- The Washington Times - Monday, June 20, 2005

Thomas Hafer is a security consultant who walks 15 minutes each day to his Arlington office near the defense agency clients he serves.

But he already has decided what he will do if the military moves those customers out of the area — as the Pentagon has suggested.

“I won’t go,” he told an audience of about 200 at George Mason University Law School for a town hall meeting about the Northern Virginia base closures. “I’ll flip hamburgers in Arlington before I have to commute or relocate over to Bethesda.”

Mr. Hafer, 56, was one of the dozen or so audience members who vented to a bipartisan panel of Virginia lawmakers about the relocations to beyond-the-Beltway spots such as Fort Belvoir in southern Fairfax County.

“There’s virtually no support for the move,” Rep. James P. Moran, Virginia Democrat, said after the gathering.

Mr. Moran and the other lawmakers at the meeting acknowledged that they couldn’t directly stop the nearly 23,000 area defense jobs from being slashed or relocated if an independent commission follows the Pentagon’s recommendations.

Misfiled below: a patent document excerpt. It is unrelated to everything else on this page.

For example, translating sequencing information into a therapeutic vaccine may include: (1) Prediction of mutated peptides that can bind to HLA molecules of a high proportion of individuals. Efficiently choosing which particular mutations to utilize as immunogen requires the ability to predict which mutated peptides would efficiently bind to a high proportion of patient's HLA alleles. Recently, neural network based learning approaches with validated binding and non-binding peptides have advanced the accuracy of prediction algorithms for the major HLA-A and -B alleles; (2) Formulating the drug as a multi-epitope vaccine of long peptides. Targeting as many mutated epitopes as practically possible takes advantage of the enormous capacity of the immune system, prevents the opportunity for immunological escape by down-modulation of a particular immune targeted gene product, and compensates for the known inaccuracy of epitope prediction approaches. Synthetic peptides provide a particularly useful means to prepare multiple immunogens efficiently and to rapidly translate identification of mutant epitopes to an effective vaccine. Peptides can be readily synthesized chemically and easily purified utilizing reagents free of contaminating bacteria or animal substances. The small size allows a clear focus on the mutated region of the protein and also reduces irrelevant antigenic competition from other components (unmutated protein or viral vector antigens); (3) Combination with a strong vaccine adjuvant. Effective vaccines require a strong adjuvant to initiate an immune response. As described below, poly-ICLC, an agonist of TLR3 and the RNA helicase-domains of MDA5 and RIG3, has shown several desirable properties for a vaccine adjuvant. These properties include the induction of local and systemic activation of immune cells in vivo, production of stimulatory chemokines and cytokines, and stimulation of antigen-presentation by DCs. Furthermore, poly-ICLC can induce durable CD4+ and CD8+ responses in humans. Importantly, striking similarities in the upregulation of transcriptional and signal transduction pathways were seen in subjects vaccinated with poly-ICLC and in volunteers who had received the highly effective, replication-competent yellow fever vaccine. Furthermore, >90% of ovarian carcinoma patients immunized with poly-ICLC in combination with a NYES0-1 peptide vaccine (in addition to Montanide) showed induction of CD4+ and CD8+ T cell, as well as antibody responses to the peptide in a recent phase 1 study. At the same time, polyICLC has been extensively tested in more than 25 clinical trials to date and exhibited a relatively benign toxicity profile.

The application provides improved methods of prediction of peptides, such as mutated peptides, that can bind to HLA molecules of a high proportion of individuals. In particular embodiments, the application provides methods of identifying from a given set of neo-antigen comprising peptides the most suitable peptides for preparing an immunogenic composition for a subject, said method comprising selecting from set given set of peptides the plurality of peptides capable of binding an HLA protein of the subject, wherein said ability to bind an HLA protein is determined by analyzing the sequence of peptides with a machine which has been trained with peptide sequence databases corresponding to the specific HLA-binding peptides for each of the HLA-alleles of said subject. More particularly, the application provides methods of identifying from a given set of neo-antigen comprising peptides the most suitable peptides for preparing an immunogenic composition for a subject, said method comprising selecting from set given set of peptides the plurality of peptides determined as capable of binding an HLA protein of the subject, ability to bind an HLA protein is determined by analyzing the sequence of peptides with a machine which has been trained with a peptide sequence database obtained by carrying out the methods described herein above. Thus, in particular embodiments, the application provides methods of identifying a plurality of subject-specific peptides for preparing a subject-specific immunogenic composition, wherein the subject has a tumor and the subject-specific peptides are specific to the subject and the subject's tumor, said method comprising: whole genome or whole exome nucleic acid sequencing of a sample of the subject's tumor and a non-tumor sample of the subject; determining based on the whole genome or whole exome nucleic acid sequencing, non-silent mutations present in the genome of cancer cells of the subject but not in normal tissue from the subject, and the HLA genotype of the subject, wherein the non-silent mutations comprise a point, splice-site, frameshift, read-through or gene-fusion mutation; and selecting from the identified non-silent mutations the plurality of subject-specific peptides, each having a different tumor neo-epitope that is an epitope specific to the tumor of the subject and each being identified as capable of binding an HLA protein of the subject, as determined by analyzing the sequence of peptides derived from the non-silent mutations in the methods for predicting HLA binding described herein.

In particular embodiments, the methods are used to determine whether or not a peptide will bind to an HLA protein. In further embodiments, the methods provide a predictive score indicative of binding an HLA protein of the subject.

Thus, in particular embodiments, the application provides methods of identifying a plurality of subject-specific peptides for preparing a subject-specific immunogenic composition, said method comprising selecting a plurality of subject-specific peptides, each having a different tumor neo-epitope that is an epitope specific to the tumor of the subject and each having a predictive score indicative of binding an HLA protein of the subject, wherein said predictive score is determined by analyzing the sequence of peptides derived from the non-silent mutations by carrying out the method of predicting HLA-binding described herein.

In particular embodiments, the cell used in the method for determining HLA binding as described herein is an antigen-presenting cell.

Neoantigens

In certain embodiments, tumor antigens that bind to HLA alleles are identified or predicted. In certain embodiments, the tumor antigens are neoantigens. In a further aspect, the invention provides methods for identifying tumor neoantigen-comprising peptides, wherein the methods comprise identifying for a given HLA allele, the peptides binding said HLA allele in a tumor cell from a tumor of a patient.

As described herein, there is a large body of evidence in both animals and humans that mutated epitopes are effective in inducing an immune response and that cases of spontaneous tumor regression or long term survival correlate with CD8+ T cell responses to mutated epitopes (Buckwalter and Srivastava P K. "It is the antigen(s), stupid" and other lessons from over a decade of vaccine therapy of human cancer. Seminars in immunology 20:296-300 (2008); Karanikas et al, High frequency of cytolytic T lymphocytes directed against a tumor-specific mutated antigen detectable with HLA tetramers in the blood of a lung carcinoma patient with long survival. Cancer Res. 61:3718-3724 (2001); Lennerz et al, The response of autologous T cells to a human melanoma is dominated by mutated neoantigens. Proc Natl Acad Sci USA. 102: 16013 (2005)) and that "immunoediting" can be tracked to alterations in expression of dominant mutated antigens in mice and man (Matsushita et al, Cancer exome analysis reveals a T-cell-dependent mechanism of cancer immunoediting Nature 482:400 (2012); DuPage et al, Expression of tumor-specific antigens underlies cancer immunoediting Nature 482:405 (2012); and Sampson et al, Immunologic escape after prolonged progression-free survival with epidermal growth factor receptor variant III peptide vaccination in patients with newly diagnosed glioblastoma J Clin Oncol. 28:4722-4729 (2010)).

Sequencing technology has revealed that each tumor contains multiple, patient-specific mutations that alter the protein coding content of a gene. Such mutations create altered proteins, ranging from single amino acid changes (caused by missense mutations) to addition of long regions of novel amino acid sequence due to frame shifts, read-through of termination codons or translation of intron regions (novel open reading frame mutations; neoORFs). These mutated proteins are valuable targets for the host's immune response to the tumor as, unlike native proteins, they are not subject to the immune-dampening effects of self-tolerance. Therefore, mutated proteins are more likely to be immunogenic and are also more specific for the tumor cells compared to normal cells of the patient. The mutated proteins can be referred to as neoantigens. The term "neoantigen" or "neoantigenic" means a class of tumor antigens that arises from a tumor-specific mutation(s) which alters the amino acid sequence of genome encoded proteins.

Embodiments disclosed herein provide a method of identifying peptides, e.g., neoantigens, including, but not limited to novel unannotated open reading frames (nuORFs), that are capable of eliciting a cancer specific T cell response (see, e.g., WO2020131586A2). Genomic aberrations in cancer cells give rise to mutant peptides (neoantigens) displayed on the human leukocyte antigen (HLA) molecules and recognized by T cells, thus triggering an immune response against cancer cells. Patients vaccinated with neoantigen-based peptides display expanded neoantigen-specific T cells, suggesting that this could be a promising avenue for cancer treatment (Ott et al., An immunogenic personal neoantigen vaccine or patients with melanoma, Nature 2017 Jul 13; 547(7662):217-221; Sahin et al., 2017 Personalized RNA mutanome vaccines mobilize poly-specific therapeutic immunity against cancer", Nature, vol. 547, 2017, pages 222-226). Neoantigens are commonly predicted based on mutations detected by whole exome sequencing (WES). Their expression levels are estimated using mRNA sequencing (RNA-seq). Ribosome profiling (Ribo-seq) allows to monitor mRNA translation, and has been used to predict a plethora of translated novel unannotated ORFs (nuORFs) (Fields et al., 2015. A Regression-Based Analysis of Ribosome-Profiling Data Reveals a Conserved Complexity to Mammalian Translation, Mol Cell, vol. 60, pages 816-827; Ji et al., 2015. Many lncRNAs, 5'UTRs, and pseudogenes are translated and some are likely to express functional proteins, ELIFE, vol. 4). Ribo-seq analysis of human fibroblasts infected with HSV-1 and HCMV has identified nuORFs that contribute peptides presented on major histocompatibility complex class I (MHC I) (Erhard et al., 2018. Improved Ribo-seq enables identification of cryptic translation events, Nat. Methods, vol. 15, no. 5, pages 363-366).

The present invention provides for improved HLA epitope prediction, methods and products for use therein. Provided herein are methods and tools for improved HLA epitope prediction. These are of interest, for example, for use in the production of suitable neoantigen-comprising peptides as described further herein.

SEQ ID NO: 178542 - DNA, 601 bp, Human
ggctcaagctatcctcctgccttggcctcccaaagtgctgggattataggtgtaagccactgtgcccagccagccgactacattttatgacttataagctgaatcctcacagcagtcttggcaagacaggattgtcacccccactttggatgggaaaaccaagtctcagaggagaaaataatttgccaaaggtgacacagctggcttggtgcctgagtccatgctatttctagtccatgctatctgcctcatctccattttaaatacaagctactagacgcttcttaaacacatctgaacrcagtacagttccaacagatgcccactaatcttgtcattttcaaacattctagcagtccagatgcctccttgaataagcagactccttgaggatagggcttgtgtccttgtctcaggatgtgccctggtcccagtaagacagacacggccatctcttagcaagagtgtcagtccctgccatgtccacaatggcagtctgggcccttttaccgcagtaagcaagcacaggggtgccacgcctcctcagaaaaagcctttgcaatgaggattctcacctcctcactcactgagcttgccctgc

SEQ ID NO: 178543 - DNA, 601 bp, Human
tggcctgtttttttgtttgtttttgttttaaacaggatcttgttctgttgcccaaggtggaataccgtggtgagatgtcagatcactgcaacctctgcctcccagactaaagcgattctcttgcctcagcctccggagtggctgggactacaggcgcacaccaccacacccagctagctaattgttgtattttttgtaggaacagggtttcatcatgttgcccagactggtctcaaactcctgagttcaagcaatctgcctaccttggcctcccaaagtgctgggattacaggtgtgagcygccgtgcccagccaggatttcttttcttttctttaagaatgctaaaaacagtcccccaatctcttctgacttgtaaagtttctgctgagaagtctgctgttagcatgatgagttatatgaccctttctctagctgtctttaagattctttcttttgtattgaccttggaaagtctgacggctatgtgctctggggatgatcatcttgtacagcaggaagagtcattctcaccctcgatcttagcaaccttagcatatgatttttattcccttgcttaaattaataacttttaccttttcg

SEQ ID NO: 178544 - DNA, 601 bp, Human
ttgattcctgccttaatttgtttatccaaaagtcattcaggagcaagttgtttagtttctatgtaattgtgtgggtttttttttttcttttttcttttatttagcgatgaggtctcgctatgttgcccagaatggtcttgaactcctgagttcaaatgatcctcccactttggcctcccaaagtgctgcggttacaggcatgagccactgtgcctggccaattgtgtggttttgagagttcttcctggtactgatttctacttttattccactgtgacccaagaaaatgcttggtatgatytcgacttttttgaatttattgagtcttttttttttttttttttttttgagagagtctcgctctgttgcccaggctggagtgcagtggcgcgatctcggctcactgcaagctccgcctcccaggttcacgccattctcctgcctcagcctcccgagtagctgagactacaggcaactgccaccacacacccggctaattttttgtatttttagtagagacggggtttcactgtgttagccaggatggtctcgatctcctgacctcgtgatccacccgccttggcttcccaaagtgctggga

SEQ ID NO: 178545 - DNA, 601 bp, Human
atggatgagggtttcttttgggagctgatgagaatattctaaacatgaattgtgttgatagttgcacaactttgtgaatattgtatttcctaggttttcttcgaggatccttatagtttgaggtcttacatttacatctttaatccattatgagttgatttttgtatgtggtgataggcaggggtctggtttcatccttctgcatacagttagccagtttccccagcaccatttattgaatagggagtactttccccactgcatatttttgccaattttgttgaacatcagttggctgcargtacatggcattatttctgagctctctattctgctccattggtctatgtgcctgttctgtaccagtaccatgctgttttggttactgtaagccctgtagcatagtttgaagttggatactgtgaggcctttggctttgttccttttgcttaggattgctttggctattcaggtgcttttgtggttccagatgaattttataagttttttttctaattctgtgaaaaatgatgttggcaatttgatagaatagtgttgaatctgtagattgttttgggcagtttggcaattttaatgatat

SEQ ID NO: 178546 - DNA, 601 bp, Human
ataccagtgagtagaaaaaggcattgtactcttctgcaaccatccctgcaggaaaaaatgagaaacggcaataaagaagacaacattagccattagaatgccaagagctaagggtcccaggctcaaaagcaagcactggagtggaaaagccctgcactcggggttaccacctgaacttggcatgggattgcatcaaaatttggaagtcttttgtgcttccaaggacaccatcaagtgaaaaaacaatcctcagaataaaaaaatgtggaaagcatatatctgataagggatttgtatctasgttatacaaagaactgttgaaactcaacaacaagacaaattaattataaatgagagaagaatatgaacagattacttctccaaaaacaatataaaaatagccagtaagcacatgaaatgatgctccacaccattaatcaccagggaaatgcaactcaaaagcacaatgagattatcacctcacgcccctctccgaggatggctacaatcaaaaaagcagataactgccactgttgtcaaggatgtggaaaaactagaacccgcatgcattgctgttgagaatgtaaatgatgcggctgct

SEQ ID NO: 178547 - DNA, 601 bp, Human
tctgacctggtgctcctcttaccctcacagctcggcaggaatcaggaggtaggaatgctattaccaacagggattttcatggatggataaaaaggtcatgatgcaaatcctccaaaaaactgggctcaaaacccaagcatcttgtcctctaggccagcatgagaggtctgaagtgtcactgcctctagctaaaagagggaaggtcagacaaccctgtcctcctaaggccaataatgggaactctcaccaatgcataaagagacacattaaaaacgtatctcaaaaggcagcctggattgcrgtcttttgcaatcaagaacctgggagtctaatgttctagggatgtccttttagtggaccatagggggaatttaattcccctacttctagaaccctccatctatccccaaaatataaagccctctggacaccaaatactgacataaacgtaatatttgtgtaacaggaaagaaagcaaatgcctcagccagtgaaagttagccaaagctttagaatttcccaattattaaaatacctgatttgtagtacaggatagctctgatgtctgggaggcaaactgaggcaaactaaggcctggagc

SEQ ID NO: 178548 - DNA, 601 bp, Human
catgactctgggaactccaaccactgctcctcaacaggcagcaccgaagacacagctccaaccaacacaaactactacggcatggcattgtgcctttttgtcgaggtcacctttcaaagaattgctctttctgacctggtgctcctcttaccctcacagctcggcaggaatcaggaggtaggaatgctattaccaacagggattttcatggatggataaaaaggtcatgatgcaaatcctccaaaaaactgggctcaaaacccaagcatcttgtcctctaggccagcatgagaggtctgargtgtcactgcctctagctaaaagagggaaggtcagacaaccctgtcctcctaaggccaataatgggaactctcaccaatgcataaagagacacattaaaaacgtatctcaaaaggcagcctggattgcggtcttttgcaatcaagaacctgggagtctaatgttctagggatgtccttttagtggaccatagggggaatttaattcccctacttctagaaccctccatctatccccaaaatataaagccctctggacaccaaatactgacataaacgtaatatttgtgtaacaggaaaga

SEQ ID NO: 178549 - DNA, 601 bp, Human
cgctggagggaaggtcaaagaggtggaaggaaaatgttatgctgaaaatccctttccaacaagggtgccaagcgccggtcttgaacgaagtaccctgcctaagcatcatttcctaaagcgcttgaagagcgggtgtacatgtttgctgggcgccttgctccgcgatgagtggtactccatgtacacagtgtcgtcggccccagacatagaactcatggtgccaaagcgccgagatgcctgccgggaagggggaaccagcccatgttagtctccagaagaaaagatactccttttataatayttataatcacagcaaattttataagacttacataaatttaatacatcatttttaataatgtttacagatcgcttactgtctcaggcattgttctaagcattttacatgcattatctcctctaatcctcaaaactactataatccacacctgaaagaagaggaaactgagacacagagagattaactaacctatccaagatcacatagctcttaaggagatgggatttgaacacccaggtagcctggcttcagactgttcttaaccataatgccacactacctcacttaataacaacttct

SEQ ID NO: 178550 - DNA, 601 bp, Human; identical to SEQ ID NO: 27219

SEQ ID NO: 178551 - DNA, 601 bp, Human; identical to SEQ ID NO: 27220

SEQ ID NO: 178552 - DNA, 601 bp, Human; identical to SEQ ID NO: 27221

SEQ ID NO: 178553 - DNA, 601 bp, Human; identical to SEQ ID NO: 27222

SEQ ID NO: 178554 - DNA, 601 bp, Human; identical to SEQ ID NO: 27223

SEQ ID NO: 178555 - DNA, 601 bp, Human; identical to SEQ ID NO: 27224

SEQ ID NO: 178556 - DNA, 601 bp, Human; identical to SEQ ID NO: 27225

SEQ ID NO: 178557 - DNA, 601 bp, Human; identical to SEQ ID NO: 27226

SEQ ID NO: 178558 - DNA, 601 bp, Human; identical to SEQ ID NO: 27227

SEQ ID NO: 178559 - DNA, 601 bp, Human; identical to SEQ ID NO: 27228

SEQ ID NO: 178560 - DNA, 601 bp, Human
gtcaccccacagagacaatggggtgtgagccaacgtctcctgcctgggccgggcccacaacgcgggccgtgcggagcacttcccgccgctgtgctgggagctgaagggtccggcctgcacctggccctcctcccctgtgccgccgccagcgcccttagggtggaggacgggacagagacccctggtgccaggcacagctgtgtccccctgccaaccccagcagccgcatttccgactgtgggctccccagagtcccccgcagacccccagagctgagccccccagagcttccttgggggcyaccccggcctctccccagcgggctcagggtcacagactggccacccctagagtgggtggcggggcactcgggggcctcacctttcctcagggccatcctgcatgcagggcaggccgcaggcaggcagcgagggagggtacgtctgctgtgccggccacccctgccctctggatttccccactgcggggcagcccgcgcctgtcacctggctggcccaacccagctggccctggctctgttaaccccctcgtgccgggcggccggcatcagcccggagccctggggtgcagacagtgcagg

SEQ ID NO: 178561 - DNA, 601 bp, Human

But they vowed to make sure the commission abides by the criteria it was given, which they said does not include some of the reasons that the Pentagon offered for closures.

The military has suggested moving the bases because of Defense Department directives, such as one calling for military facilities to move out of leased spaces, that might be beyond the commission’s mandate, they said.

“We’re going to work — and work hard — to make certain that the law is complied with by the Department of Defense,” said Sen. John W. Warner, the Virginia Republican who heads the Senate’s Armed Services Committee.

The concerns raised by audience members at the forum ranged from lost productivity by workers with long commutes to fears that putting more workers on the road to far-off job sites would make traffic worse in an already congested region.

Another worry was expressed by buttons bearing with the words “Brain Drain!” that were worn by many at the meeting.

“If you leave some of these research areas, most of you won’t be flipping hamburgers,” Rep. Thomas M. Davis III, Virginia Republican, told audience members who work with the military.

“You’ll be going out to one of these other companies out here and probably making more money than you’re making today.”

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